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Why does it happen ? Going from great scores to not-so-great scores ?

Lacking an understanding of fundamentals of American trap. If you just throw the gun up and shoot, you'll get a wide variety of scores.

If you have a process down to foot position, to all the way up to your eyes where u look over the rib, you will shoot more consistent.

Kyle Kanuha from Pennsylvania
 

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For me it's 100% mental. Shoot a few bad rounds and I start to lose confidence and start over-thinking things.

Sometimes I think the trap gods just like torturing me. I'll get on a roll and have a couple of weeks where I'm posting what, for me, are good solid scores - i.e. 23's-25's. Start thinking I'm finally figuring this sport out.

And then comes the inevitable slump. I can't hit anything. If I drop a couple of birds early I start thinking "cr*p, how bad will it be this round? 19? 18? 17?" - which is probably not the best approach.

Of course, just when I'm ready to pack it in and resign myself to the fact that I suck and should just find another sport everything will start coming together again. The birds will look like slow moving frisbees and I'll start crushing them. And the sport has once again sucked me back in.
 

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I'm sure it's annoying for those who are into the sport for competition purposes, but for filthy casuals like me, it's not a big deal at all. In fact it can be pretty funny especially when you start accusing people of putting blanks in your ammo bag. :D

But yeah, like with everything, if you don't keep at it, you'll lose it.
 

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Many of us treat this problem with excuses. This is great therapy because you can choose your excuse based on current conditions. The list is endless:
1. Sun is too bright.
2. Too cloudy, not enough sun.
3. Targets are too low.
4. Targets are too high.
5. Targets are too fast.
6. Targets are too slow.
7. Wind is from the East.
8. Wind is from the West.
9. Must adjust my gun. It is shooting too high.
10. Must adjust my gun. It is shoot too low.
11. Fill in the blanks.
 

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Why does that happen?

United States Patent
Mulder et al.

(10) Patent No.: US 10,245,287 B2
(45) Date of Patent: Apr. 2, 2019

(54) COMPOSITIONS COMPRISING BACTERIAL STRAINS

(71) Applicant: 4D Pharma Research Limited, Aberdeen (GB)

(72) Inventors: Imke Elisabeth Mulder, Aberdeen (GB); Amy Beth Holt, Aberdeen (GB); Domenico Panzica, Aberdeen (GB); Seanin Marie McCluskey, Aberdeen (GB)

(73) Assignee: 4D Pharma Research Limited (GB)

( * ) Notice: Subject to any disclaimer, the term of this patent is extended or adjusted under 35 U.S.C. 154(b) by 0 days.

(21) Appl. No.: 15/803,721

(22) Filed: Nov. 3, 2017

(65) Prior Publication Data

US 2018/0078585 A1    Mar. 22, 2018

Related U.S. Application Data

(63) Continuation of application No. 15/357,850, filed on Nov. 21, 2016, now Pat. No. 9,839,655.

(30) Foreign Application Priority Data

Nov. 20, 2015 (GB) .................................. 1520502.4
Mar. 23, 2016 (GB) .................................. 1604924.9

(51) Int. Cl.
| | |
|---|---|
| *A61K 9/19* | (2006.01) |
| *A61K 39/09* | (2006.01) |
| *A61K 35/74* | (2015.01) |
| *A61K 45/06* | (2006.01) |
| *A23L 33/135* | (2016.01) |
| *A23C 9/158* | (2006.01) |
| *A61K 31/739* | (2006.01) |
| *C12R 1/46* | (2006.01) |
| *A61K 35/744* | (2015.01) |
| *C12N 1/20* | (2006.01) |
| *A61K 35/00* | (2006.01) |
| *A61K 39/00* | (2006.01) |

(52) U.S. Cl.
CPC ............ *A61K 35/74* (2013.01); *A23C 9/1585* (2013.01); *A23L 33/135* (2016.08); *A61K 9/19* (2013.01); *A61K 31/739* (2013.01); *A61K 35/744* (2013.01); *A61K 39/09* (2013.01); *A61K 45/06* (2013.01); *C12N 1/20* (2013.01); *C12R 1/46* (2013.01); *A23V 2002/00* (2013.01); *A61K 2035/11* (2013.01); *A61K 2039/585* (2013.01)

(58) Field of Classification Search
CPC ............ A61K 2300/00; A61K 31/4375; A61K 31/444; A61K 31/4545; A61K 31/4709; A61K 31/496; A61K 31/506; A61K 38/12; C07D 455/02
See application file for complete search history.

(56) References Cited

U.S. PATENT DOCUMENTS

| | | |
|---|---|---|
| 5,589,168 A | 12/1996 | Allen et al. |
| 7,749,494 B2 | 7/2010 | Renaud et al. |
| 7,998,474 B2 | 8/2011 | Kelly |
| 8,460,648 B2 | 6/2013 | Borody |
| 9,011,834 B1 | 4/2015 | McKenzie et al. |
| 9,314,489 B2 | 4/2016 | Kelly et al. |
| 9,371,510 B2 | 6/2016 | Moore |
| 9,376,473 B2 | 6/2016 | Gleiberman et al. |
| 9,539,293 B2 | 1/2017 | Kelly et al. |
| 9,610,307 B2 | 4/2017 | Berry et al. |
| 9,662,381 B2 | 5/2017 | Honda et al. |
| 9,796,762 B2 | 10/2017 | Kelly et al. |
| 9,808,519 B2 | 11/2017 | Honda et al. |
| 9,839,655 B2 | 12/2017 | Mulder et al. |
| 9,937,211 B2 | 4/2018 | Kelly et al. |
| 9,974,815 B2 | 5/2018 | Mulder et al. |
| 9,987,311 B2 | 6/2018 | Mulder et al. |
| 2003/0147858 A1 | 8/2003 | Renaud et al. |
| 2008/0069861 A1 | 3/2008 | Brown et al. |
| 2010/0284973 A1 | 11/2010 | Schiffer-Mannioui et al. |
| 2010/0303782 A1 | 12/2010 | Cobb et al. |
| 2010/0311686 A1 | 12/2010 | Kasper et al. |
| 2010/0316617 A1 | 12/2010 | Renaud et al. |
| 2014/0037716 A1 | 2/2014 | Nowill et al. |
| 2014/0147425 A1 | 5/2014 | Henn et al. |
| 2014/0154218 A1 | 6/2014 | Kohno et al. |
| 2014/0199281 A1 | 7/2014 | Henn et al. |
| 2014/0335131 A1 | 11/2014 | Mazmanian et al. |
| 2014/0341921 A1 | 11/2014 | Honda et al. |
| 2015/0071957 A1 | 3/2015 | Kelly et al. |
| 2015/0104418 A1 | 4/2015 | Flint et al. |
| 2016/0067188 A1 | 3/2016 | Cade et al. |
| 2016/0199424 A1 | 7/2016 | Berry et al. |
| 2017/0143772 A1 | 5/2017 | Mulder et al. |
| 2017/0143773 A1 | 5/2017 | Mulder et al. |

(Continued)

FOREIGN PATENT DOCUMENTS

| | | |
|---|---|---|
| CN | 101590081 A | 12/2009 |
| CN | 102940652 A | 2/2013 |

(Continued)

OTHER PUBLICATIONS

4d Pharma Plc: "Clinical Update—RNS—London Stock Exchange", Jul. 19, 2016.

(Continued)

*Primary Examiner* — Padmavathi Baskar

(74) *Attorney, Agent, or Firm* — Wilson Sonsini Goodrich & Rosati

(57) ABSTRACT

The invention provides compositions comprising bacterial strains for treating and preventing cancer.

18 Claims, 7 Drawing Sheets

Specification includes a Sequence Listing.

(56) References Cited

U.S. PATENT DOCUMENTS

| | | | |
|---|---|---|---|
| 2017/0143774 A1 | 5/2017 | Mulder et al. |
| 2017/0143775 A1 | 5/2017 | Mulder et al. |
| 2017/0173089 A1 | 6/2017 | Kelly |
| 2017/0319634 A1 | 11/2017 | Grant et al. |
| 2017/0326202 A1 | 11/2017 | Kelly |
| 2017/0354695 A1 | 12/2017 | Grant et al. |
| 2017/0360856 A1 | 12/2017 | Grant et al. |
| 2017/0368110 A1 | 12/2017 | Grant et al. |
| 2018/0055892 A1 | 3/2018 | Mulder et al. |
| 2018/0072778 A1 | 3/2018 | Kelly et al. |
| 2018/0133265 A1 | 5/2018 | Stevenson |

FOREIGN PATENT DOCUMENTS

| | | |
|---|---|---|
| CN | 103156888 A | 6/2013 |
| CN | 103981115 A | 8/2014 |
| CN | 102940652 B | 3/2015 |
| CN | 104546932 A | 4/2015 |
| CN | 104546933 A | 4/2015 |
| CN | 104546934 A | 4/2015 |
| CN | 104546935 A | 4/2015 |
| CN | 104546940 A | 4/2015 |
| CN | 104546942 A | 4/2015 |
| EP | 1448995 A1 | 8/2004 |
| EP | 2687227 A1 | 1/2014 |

Dan, I was in exactly the same place a few months ago. As everyone was saying, it could be mental, it may going back to basics and check fundamental mount, etc, etc... I posted my issue somewhere else a while back but it bears repeating. As a right handed right eye dominant shooter I thought I busted my gun, I couldn't hit any right handed target even a 5 degree almost straight out. I could still bust a few left handed targets just OK, but nothing resembling my old self - talk about frustrated and mental anguish. My gun fits like a glove and my fundamentals were all good - but who switched guns on me? In frustration I told myself, since my wife is a mini-Nora Ross kicking my butt as a one-eye shooter, what have I got to loose, so I tried shooting with left eye closed. Well guess what folks, I started smoking all the targets when closed my left (non-dominant) eye. So, the obvious reason for my slump was not mental it was physical. My left eye took over after the bird left the trap house and why I couldn't hit any right hand target because when the left eye becomes dominant it sees a 5 foot right hand lead that isn't there. I was shooting behind everything on target to the right thinking my heretofore strong right eye was doing it job. So, Yes, it definitely can be mental and failure of basic set up, swing and fllowthrough as any instructor will tell you, but sometimes it can be a physical issue that hits your out of the blue, like cross-dominance that I experienced. Better just experiment a little to make sure your dominant eye vision is not being compromised, because I was getting depressed and frustrated which further destroys my mental approach to the sport as others have posted. Check it out.